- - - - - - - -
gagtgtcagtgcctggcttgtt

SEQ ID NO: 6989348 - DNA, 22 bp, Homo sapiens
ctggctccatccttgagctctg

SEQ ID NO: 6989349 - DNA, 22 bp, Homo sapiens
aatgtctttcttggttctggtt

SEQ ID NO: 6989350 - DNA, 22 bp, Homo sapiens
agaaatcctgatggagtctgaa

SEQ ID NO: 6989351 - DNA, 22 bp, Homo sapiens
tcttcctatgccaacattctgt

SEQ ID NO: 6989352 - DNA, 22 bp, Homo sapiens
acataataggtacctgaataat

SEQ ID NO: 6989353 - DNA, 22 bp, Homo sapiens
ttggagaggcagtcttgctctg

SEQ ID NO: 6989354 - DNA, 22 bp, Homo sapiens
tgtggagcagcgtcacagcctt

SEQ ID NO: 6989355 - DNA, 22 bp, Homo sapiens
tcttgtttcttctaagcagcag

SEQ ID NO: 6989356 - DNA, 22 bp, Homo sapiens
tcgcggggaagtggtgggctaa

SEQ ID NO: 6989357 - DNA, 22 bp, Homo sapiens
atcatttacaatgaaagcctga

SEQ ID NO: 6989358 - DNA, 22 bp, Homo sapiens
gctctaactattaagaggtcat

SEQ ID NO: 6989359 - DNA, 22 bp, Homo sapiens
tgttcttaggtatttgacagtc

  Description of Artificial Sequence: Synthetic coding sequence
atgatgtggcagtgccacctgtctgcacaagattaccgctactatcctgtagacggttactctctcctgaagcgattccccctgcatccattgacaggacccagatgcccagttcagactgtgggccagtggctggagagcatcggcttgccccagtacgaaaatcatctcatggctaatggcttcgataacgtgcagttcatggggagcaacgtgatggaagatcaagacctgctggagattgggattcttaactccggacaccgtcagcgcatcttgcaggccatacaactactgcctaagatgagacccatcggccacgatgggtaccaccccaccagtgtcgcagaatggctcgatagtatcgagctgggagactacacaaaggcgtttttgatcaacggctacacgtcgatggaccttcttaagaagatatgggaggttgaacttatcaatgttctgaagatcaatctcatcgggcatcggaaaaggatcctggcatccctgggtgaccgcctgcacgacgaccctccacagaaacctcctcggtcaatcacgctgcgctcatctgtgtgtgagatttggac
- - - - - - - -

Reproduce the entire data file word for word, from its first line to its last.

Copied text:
gagtgtcagtgcctggcttgtt

SEQ ID NO: 6989348 - DNA, 22 bp, Homo sapiens
ctggctccatccttgagctctg

SEQ ID NO: 6989349 - DNA, 22 bp, Homo sapiens
aatgtctttcttggttctggtt

SEQ ID NO: 6989350 - DNA, 22 bp, Homo sapiens
agaaatcctgatggagtctgaa

SEQ ID NO: 6989351 - DNA, 22 bp, Homo sapiens
tcttcctatgccaacattctgt

SEQ ID NO: 6989352 - DNA, 22 bp, Homo sapiens
acataataggtacctgaataat

SEQ ID NO: 6989353 - DNA, 22 bp, Homo sapiens
ttggagaggcagtcttgctctg

SEQ ID NO: 6989354 - DNA, 22 bp, Homo sapiens
tgtggagcagcgtcacagcctt

SEQ ID NO: 6989355 - DNA, 22 bp, Homo sapiens
tcttgtttcttctaagcagcag

SEQ ID NO: 6989356 - DNA, 22 bp, Homo sapiens
tcgcggggaagtggtgggctaa

SEQ ID NO: 6989357 - DNA, 22 bp, Homo sapiens
atcatttacaatgaaagcctga

SEQ ID NO: 6989358 - DNA, 22 bp, Homo sapiens
gctctaactattaagaggtcat

SEQ ID NO: 6989359 - DNA, 22 bp, Homo sapiens
tgttcttaggtatttgacagtc

  Description of Artificial Sequence: Synthetic coding sequence
atgatgtggcagtgccacctgtctgcacaagattaccgctactatcctgtagacggttactctctcctgaagcgattccccctgcatccattgacaggacccagatgcccagttcagactgtgggccagtggctggagagcatcggcttgccccagtacgaaaatcatctcatggctaatggcttcgataacgtgcagttcatggggagcaacgtgatggaagatcaagacctgctggagattgggattcttaactccggacaccgtcagcgcatcttgcaggccatacaactactgcctaagatgagacccatcggccacgatgggtaccaccccaccagtgtcgcagaatggctcgatagtatcgagctgggagactacacaaaggcgtttttgatcaacggctacacgtcgatggaccttcttaagaagatatgggaggttgaacttatcaatgttctgaagatcaatctcatcgggcatcggaaaaggatcctggcatccctgggtgaccgcctgcacgacgaccctccacagaaacctcctcggtcaatcacgctgcgctcatctgtgtgtgagatttggac